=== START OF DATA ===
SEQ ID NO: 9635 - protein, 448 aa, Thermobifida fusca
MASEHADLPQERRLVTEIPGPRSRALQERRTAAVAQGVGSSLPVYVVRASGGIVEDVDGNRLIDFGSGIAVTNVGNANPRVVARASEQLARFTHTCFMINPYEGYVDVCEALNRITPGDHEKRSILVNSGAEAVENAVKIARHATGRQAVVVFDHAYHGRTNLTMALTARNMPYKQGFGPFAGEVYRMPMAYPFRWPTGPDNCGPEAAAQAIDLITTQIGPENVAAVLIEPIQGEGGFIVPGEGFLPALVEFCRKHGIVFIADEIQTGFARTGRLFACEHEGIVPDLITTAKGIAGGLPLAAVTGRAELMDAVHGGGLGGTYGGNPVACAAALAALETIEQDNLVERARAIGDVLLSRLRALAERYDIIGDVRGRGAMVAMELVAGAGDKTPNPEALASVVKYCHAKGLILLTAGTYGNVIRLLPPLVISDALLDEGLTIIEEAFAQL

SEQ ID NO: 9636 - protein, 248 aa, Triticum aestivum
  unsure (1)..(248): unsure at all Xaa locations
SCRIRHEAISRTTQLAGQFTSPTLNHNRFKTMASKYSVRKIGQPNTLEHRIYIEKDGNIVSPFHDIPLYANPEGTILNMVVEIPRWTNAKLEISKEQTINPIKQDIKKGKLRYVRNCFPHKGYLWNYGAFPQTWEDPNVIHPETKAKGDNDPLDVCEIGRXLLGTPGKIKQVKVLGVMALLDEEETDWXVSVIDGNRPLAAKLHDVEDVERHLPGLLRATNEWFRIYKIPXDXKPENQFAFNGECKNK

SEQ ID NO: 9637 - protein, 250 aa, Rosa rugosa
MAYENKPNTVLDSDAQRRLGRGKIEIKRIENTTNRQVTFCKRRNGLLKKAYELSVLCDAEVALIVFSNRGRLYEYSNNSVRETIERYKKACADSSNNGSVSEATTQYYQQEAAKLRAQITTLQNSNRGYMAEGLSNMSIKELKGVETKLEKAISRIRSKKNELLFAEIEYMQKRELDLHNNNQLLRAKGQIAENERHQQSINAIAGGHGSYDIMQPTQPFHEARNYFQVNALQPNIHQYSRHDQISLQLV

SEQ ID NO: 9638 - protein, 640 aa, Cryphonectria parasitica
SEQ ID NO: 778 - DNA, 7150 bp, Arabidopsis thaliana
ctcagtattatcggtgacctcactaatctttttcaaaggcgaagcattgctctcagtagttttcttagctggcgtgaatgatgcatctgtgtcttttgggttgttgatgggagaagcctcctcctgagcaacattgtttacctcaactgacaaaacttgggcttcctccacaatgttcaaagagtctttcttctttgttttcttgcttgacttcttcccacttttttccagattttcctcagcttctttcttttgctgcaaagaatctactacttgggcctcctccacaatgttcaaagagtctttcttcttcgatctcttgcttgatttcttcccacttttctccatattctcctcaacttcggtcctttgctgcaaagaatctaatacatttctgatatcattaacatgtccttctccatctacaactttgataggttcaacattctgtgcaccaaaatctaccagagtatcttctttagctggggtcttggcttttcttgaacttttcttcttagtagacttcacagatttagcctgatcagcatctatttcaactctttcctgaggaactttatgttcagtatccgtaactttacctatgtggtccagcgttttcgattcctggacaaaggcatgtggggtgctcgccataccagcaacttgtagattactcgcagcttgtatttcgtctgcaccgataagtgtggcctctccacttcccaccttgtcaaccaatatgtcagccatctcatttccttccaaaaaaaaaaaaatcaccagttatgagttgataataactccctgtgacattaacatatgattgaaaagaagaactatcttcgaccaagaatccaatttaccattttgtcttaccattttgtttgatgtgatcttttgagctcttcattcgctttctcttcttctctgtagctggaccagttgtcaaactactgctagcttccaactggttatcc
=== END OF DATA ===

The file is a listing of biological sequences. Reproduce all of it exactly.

SEQ ID NO: 9635 - protein, 448 aa, Thermobifida fusca
MASEHADLPQERRLVTEIPGPRSRALQERRTAAVAQGVGSSLPVYVVRASGGIVEDVDGNRLIDFGSGIAVTNVGNANPRVVARASEQLARFTHTCFMINPYEGYVDVCEALNRITPGDHEKRSILVNSGAEAVENAVKIARHATGRQAVVVFDHAYHGRTNLTMALTARNMPYKQGFGPFAGEVYRMPMAYPFRWPTGPDNCGPEAAAQAIDLITTQIGPENVAAVLIEPIQGEGGFIVPGEGFLPALVEFCRKHGIVFIADEIQTGFARTGRLFACEHEGIVPDLITTAKGIAGGLPLAAVTGRAELMDAVHGGGLGGTYGGNPVACAAALAALETIEQDNLVERARAIGDVLLSRLRALAERYDIIGDVRGRGAMVAMELVAGAGDKTPNPEALASVVKYCHAKGLILLTAGTYGNVIRLLPPLVISDALLDEGLTIIEEAFAQL

SEQ ID NO: 9636 - protein, 248 aa, Triticum aestivum
  unsure (1)..(248): unsure at all Xaa locations
SCRIRHEAISRTTQLAGQFTSPTLNHNRFKTMASKYSVRKIGQPNTLEHRIYIEKDGNIVSPFHDIPLYANPEGTILNMVVEIPRWTNAKLEISKEQTINPIKQDIKKGKLRYVRNCFPHKGYLWNYGAFPQTWEDPNVIHPETKAKGDNDPLDVCEIGRXLLGTPGKIKQVKVLGVMALLDEEETDWXVSVIDGNRPLAAKLHDVEDVERHLPGLLRATNEWFRIYKIPXDXKPENQFAFNGECKNK

SEQ ID NO: 9637 - protein, 250 aa, Rosa rugosa
MAYENKPNTVLDSDAQRRLGRGKIEIKRIENTTNRQVTFCKRRNGLLKKAYELSVLCDAEVALIVFSNRGRLYEYSNNSVRETIERYKKACADSSNNGSVSEATTQYYQQEAAKLRAQITTLQNSNRGYMAEGLSNMSIKELKGVETKLEKAISRIRSKKNELLFAEIEYMQKRELDLHNNNQLLRAKGQIAENERHQQSINAIAGGHGSYDIMQPTQPFHEARNYFQVNALQPNIHQYSRHDQISLQLV

SEQ ID NO: 9638 - protein, 640 aa, Cryphonectria parasitica
SEQ ID NO: 778 - DNA, 7150 bp, Arabidopsis thaliana
ctcagtattatcggtgacctcactaatctttttcaaaggcgaagcattgctctcagtagttttcttagctggcgtgaatgatgcatctgtgtcttttgggttgttgatgggagaagcctcctcctgagcaacattgtttacctcaactgacaaaacttgggcttcctccacaatgttcaaagagtctttcttctttgttttcttgcttgacttcttcccacttttttccagattttcctcagcttctttcttttgctgcaaagaatctactacttgggcctcctccacaatgttcaaagagtctttcttcttcgatctcttgcttgatttcttcccacttttctccatattctcctcaacttcggtcctttgctgcaaagaatctaatacatttctgatatcattaacatgtccttctccatctacaactttgataggttcaacattctgtgcaccaaaatctaccagagtatcttctttagctggggtcttggcttttcttgaacttttcttcttagtagacttcacagatttagcctgatcagcatctatttcaactctttcctgaggaactttatgttcagtatccgtaactttacctatgtggtccagcgttttcgattcctggacaaaggcatgtggggtgctcgccataccagcaacttgtagattactcgcagcttgtatttcgtctgcaccgataagtgtggcctctccacttcccaccttgtcaaccaatatgtcagccatctcatttccttccaaaaaaaaaaaaatcaccagttatgagttgataataactccctgtgacattaacatatgattgaaaagaagaactatcttcgaccaagaatccaatttaccattttgtcttaccattttgtttgatgtgatcttttgagctcttcattcgctttctcttcttctctgtagctggaccagttgtcaaactactgctagcttccaactggttatcc